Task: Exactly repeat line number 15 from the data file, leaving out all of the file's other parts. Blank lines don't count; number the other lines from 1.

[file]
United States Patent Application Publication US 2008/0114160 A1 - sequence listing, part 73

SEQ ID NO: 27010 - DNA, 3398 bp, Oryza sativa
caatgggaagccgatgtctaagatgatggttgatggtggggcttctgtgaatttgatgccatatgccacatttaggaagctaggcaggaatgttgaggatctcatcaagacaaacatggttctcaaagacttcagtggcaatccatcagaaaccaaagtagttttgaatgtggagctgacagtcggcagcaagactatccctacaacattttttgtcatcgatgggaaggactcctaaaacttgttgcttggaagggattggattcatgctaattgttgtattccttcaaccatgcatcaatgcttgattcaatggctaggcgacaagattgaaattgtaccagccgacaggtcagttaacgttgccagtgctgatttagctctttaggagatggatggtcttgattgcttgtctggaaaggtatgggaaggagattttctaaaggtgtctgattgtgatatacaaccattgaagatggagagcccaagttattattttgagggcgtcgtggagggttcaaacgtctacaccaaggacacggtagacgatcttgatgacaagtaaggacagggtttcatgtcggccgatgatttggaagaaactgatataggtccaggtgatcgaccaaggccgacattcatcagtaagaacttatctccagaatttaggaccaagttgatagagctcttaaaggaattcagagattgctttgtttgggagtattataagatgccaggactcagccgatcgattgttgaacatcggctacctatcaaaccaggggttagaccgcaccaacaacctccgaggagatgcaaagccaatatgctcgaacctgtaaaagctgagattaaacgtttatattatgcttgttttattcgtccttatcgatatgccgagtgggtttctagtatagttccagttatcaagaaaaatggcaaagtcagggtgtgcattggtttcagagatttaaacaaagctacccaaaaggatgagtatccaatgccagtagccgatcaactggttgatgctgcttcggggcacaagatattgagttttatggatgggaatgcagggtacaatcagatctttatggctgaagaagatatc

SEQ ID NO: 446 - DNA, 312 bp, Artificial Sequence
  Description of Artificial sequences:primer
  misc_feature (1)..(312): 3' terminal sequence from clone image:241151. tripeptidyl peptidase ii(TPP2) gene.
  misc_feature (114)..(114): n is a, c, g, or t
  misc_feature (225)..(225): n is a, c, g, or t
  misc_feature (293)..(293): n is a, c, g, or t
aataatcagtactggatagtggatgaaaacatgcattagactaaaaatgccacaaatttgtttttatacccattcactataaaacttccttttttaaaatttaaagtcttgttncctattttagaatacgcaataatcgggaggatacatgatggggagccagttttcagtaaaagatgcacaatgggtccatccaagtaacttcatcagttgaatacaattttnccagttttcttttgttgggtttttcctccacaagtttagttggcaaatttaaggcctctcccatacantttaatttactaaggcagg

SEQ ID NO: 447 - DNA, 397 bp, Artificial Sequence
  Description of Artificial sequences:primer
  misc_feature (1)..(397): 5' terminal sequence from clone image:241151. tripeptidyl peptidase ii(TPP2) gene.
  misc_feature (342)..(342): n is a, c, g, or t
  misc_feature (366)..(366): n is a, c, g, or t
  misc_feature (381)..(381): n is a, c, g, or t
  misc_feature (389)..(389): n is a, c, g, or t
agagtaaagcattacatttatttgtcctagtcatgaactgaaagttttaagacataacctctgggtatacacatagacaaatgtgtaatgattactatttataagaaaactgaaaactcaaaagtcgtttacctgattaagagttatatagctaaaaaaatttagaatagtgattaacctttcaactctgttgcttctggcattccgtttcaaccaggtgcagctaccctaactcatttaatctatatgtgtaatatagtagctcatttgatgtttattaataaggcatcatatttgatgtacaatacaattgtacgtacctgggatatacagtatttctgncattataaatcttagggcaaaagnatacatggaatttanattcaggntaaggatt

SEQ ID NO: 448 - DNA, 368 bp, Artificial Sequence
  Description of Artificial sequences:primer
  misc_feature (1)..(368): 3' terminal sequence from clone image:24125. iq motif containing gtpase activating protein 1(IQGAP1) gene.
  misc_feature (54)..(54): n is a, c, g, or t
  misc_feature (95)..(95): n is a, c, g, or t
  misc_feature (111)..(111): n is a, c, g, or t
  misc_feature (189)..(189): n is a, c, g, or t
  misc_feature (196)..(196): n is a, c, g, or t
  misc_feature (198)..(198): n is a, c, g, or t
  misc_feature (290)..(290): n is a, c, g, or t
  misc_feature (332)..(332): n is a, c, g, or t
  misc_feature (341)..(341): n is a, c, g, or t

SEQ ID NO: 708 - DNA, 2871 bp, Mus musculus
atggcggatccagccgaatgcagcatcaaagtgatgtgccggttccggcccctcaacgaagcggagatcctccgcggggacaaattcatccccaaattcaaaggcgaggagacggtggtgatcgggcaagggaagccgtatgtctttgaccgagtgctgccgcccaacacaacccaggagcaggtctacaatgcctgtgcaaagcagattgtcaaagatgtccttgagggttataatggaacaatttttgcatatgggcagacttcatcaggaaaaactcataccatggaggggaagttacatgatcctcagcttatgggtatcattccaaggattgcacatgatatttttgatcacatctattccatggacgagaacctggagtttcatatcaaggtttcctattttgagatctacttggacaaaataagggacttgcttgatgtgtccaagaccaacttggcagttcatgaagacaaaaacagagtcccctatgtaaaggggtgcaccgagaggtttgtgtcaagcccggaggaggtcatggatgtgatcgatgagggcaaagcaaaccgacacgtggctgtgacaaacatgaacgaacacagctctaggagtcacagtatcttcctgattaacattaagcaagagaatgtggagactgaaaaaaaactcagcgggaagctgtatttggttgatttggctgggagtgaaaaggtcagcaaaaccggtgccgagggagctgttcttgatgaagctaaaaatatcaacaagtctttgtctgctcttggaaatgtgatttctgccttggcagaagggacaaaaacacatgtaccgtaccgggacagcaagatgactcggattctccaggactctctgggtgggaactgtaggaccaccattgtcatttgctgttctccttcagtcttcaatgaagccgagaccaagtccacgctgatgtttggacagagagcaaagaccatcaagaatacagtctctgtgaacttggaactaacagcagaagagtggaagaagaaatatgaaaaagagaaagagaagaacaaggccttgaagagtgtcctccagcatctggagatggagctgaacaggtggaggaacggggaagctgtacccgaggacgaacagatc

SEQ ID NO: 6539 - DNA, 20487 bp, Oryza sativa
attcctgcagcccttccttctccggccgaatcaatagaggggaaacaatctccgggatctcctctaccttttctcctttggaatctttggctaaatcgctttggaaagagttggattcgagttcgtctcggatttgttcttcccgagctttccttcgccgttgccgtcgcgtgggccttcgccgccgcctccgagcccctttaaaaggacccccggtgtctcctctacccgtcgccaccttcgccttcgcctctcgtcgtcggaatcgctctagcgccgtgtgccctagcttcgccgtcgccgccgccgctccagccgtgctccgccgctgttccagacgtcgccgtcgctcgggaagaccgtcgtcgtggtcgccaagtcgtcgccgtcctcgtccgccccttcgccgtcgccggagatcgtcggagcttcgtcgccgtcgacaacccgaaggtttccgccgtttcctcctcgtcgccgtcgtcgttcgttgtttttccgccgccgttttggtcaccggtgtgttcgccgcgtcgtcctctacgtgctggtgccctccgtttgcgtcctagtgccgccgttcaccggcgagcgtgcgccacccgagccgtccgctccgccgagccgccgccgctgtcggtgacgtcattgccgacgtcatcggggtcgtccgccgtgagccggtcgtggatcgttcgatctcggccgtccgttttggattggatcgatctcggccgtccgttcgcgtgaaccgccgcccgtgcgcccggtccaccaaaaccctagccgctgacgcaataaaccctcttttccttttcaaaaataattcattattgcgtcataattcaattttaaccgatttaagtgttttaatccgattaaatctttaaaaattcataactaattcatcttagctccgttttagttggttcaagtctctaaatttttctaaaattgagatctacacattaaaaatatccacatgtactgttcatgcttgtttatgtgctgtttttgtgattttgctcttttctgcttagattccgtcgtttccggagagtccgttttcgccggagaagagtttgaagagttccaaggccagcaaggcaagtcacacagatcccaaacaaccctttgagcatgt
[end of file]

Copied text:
  misc_feature (366)..(366): n is a, c, g, or t